As the mother of a boy, I would like to raise a problem that I face while trying to gather information about a girl. Too often, I call a reference who answers the phone, and I tell her that I am calling for shidduch information. Before even giving her the girl’s name, she says, “Sorry, I can’t speak right now. I am just sitting down to dinner / putting my kids to sleep / in a car full of girls / in a store…”
People must realize that giving shidduch info should be a priority. If someone calls, give the info right then. If you need more time, call back right away.
Don’t wait… The girl may lose her chance. I may just go on to the next girl.
While those who are being called upon as shidduch references bear a great responsibility to the single men and women whom they are representing, and must never treat the endeavor lackadaisically or apathetically, I would like to offer some perspective from the other side of this equation, in an effort to hopefully restore some balance to the narrative.
1. Within the confines of the relationship between the maker and receiver of such calls, the one placing the call is asking for a favor, not a doing a favor. The person on the other end is not the one who needs a date. They are benefiting both the person they are speaking to, and the person they are speaking of. Thus, in either direction, they are doling out kindness. And when one is asking someone else for help, it is incumbent upon the inquirer to accord genuine respect and gratitude to the person they are beseeching for assistance, not exude entitlement as a result of their perceived stature in the hierarchy of shidduchim.
2. Shidduch calls are often lengthy, almost always demand full concentration, and generally touch on some pretty heavy topic material. They truly require the utmost conscientiousness of the one responding if they are to be handled efficiently and effectively. And being that shidduch references do not get 3-hour courtesy alerts on their phones before the incoming call arrives, offering them the ability to maneuver and clear out their schedule, it is nearly always a surprise attack of sorts. When one is serving as a reference, they need a clear head, the capacity to gather their thoughts, a reasonably quiet location, and sufficient time to get the job done right. As such, needing to postpone and reschedule is rather common, and as long as the dialogue resumes after a reasonable interval, no grave injustice has been perpetrated.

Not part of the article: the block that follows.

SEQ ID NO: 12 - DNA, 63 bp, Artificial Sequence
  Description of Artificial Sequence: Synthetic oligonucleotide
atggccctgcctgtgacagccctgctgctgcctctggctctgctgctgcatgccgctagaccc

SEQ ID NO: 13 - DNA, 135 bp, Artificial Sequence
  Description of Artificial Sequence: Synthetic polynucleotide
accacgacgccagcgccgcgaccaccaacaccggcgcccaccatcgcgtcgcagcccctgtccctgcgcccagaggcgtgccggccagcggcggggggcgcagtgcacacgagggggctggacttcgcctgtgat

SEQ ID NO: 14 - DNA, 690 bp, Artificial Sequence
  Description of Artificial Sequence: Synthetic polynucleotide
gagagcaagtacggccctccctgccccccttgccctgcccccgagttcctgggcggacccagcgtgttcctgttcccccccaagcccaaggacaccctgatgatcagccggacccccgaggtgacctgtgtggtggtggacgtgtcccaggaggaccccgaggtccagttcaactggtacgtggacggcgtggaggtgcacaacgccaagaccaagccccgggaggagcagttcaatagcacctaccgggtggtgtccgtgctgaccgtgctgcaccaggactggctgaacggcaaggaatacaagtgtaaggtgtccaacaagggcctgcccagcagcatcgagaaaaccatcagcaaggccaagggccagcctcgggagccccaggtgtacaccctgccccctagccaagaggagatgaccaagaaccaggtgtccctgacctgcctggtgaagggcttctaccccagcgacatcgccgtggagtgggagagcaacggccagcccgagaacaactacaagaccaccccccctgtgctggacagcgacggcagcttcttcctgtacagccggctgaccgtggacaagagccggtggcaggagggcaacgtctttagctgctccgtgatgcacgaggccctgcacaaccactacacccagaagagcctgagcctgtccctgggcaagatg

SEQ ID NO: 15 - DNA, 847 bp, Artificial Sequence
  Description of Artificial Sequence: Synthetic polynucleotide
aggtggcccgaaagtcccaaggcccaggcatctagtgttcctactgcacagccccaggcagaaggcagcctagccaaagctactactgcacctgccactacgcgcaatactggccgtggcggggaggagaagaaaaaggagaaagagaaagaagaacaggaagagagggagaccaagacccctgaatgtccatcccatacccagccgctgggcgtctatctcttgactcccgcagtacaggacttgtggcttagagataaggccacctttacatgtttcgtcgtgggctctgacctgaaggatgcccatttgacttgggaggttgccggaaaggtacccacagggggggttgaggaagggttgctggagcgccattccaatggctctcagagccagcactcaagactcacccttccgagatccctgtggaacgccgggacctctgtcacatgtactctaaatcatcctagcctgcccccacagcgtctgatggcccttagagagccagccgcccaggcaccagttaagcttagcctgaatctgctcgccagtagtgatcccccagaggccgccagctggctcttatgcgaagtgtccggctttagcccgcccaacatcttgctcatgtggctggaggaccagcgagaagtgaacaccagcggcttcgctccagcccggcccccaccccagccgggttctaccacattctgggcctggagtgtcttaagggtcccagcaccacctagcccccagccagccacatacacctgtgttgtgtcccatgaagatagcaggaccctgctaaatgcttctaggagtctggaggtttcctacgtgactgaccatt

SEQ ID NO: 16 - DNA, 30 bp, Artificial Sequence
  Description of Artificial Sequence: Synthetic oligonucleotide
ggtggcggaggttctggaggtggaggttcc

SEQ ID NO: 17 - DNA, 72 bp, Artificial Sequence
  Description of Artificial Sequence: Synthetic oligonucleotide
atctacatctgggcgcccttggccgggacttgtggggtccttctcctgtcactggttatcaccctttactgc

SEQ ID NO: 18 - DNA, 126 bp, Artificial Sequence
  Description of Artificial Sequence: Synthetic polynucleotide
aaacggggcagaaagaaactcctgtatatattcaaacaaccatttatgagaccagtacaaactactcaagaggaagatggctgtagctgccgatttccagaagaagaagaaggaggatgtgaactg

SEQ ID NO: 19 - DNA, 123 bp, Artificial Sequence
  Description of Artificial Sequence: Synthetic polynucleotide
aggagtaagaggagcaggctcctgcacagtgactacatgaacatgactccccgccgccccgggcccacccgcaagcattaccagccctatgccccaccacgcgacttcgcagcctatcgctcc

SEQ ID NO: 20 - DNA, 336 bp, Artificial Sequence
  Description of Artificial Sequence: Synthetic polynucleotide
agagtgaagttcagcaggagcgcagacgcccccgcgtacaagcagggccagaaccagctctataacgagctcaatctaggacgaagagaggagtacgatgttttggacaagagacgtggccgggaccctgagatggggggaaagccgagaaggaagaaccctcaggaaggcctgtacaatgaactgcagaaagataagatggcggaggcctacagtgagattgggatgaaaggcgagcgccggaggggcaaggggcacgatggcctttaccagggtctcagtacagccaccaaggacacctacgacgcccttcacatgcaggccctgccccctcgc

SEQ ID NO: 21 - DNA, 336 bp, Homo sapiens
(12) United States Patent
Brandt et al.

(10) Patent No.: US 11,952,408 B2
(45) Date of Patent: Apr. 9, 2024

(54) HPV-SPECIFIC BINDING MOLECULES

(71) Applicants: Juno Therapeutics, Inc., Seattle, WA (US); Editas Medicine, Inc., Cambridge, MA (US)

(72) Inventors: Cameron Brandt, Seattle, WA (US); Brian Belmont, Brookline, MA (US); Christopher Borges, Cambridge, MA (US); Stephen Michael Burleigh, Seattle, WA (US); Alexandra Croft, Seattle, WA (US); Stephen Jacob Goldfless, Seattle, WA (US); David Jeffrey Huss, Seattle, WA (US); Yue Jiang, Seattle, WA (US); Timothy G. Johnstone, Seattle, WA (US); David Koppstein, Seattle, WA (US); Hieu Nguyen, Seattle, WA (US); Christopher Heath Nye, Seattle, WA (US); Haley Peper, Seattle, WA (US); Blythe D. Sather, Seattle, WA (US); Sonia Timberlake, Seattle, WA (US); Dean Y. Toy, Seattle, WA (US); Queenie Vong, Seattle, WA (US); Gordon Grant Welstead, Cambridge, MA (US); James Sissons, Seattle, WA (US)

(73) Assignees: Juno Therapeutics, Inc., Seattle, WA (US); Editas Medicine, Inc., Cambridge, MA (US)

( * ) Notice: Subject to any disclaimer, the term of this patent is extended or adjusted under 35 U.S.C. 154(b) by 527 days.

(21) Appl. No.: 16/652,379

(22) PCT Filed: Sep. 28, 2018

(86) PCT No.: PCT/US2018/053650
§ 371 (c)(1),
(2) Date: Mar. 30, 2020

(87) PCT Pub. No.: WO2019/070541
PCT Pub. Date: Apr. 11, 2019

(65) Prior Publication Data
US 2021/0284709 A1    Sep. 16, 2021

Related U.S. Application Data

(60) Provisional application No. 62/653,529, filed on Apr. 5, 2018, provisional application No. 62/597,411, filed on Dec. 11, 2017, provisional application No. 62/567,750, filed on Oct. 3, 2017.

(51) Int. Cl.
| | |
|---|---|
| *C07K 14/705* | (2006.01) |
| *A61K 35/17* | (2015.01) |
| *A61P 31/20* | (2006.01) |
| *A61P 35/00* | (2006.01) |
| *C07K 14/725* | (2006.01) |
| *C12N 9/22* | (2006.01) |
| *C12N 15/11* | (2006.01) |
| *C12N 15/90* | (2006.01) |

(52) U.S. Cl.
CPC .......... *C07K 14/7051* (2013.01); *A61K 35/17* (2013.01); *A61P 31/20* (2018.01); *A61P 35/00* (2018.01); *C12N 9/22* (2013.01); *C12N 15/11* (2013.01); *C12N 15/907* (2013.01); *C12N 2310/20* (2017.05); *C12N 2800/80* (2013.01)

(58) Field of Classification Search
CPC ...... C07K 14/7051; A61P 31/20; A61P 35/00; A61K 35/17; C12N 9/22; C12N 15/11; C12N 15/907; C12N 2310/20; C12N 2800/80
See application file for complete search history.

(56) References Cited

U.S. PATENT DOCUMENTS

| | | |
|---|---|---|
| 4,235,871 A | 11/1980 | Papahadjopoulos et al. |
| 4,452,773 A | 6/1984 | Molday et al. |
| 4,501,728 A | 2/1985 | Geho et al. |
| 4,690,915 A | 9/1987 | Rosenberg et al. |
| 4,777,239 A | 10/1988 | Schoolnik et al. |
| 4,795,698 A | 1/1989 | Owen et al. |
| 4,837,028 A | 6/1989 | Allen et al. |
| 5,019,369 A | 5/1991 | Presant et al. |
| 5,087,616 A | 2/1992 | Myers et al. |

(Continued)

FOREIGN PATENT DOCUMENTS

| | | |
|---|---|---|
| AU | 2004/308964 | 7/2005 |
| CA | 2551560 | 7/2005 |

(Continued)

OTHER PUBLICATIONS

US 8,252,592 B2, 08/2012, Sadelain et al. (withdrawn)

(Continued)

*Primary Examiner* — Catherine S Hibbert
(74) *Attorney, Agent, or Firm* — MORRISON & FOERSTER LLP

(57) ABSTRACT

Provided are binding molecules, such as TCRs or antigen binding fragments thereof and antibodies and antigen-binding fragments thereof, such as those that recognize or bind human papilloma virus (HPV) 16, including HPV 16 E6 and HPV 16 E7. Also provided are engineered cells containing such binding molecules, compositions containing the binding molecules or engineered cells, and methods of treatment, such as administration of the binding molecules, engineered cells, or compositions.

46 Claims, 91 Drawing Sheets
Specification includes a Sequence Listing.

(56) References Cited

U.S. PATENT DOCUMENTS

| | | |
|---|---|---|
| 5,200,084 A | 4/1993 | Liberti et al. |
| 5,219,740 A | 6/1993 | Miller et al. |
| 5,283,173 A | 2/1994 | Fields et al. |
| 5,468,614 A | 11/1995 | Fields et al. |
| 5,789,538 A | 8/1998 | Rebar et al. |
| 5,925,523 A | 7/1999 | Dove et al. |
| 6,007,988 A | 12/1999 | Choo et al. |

3. Insofar as it is all but axiomatic that frum families lead exceptionally busy lives, I am sure we can all relate to the experience of picking up an unexpected, albeit important, phone call, and simply lacking the time and bandwidth that the conversation commands. When someone notes that there is a child screaming bloody-murder and clawing at their face, or that they are smack in the middle of a mind-bending work fracas, that is probably exactly what is going on.
Accordingly, it should not take a particularly expansive imagination to appreciate that perhaps now, in actuality, is not a great juncture for a serious discussion that will heavily impact the future life of someone who is near and dear to the person being probed for sensitive information. When that is the position someone is in, deferring the discussion for a more opportune moment is neither an act of prevarication, nor does it exhibit lack of proper prioritization. It evinces understanding of accountability towards others, and a firm, keen grasp of the reality of the magnitude of their duty. Indeed, it will in no way benefit either party if the exchange is made under duress or in an uncomfortable and harried fashion.
4. Lastly, and most importantly, thinly veiled threats of potential opportunities becoming desiccated, or being stripped away from single women, on account of references not snapping to attention like soldiers to a general, is petty, small, and supercilious. Worse yet, issued in a public venue, it only adds to the already extant pressure and apprehension our bnos Yisroel are frequently subjected to. It is more than enough to have to worry that one’s own minor foibles, their family status, or simply the fact that they occupy space in a crowed and competitive landscape may somehow bring about suboptimal ramifications. There really is no need to add insult to injury by implying that trivial forces entirely beyond the control of these women are also being held against them. A little more compassion will go a long way.
May the Racheim Al Amo infuse us all with profound warmth, care, and humanity as we interact with our precious compatriots, the beloved members of His Am Segulah.